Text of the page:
Rounding Cape Wrath



Woke in time to be on deck for midnight. Bundled up in warm clothes I climbed in the companionway. After the darkness below decks the light of the half moon astern was almost dazzling. It hung in a sky dappled with patchy cloud, too bright for many stars to show. I settled with my watch companions on the bench around the stern. Ahead, the skipper told us, was Cape Wrath lighthouse; on our starboard quarter the light on Stoer, slowly dropping behind us; far to port was a white light we assumed to be the working light of a fishing vessel.

Then I noticed a more mysterious light over about the loom of the mainland. Dim, with a reddish glow, low on the horizon. Was it a land light on a mountain side? Or a rising star or planet? Slowly in rose in the sky, brightening but keeping its strange hue. Clearly a planet, rising ahead of the sun: Venus? Mars? I regret my ignorance of the heavens! Through the rest of the watch it rose higher in the sky, visible even as the sky lightened in the earlier dawn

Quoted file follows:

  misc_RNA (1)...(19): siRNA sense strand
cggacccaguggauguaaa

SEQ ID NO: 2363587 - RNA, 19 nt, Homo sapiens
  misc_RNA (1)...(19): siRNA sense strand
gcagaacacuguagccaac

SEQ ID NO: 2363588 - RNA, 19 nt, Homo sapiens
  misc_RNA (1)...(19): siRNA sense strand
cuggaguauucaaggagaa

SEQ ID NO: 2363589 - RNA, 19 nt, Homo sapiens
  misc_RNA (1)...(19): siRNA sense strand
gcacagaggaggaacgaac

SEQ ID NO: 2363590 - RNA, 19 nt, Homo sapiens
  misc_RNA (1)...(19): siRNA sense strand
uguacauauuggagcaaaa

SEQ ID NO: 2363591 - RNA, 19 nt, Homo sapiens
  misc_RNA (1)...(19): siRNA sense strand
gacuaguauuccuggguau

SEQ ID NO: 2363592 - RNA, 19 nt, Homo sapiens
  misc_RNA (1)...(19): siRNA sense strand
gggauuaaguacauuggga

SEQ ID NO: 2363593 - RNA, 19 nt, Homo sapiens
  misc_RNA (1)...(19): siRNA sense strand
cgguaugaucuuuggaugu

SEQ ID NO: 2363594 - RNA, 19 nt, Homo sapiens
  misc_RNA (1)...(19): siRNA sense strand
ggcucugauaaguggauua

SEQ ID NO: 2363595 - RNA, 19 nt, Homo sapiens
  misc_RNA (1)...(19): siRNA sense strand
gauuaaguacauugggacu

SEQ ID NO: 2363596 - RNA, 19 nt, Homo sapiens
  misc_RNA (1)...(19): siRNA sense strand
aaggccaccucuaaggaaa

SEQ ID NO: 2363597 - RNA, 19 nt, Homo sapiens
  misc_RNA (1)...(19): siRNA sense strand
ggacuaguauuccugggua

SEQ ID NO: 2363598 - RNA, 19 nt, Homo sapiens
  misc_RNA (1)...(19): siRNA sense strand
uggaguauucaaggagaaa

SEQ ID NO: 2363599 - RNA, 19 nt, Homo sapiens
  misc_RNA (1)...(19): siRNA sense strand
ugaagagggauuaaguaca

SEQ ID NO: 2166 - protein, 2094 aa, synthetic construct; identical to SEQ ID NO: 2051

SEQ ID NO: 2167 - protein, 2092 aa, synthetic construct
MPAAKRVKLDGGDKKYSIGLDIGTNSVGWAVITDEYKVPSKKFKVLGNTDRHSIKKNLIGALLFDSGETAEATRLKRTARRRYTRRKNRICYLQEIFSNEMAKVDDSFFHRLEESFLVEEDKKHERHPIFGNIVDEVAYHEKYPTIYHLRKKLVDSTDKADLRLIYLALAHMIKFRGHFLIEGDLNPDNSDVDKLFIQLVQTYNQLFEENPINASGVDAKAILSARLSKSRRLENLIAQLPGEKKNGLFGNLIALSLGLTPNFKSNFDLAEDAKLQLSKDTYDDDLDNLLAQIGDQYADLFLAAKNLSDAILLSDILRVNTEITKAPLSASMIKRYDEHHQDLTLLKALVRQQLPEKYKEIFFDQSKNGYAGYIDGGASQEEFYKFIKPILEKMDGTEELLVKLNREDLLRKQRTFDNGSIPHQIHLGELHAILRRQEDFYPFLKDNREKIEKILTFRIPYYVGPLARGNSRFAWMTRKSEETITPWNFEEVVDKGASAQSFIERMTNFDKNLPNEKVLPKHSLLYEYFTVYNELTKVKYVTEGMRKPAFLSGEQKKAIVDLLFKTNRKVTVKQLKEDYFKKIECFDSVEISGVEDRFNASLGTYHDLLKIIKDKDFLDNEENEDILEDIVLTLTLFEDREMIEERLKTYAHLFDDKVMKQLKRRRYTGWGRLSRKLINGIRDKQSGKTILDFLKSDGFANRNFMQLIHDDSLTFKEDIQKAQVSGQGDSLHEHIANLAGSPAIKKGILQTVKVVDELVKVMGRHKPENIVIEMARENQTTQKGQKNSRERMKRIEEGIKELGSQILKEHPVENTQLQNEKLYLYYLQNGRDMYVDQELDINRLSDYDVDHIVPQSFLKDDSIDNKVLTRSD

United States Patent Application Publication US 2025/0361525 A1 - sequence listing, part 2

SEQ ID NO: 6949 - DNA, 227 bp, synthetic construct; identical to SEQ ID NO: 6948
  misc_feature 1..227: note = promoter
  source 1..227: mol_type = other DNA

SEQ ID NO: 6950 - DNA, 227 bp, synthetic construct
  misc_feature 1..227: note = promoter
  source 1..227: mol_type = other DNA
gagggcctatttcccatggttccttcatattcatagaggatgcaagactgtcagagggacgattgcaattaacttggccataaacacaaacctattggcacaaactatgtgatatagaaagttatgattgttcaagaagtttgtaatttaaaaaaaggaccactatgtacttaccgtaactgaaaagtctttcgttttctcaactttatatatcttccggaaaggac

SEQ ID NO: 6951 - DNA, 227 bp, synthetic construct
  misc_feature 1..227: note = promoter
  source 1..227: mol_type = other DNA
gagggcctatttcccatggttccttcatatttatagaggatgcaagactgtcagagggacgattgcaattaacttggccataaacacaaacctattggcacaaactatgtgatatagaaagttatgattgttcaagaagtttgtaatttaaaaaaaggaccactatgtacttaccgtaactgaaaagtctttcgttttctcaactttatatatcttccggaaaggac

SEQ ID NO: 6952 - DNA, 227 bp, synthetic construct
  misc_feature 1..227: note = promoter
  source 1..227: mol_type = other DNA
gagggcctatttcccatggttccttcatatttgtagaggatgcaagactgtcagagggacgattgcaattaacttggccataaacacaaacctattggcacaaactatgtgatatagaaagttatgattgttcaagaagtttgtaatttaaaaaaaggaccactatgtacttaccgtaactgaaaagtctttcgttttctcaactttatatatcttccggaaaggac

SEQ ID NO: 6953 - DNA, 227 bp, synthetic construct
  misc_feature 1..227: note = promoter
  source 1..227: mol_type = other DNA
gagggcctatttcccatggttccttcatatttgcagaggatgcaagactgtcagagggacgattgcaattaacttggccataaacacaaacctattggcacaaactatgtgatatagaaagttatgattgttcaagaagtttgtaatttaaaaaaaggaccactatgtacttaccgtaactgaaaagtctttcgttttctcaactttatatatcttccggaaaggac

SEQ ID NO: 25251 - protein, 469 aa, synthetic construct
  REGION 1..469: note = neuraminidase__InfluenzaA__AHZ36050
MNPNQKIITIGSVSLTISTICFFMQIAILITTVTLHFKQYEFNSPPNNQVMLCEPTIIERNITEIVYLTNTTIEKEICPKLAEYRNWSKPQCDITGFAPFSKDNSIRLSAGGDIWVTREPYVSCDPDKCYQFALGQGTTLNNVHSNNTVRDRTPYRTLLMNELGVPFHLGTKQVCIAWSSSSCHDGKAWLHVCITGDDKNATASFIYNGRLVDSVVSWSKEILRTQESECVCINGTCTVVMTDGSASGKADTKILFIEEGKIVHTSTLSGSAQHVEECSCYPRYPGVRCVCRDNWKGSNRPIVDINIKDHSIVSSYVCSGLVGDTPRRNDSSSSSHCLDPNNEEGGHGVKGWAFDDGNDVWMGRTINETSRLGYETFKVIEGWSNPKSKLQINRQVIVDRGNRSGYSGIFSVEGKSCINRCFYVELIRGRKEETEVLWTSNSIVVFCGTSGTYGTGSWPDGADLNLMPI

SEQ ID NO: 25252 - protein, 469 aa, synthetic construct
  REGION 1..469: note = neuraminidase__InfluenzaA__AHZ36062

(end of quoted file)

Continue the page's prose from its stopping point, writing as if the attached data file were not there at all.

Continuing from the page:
The sea is smooth, almost oily, a long swell following the ship, lit by the path of moonlight across the water. No wind. The sails we urgently hoisted on leaving Stornoway, which caught the wind for a few hours, now hang limp—well, as limp as heavy canvas can hang—cracking occasionally as the ship rolls.

The Cape Wrath light slowly becomes more distinct as we approach. At first little more than a glimmer on the horizon, but as we pass the Cape it almost dazzles the eyes, by now fully open in night vision, as the group of four flashes casts a path of light toward the ship.

By 03.15 the sky is lightening in the northeast, taking on a flush of pink.

Through the watch we drink tea and eat biscuits, take turns on the wheel. Now and then one of us walks toward the bows, or does some knee bends to try to keep warm. Even though it has been a beautiful night we are happy with our relief watch comes on deck. We hurry back to the warmth of our bunks and sleep until breakfast time.

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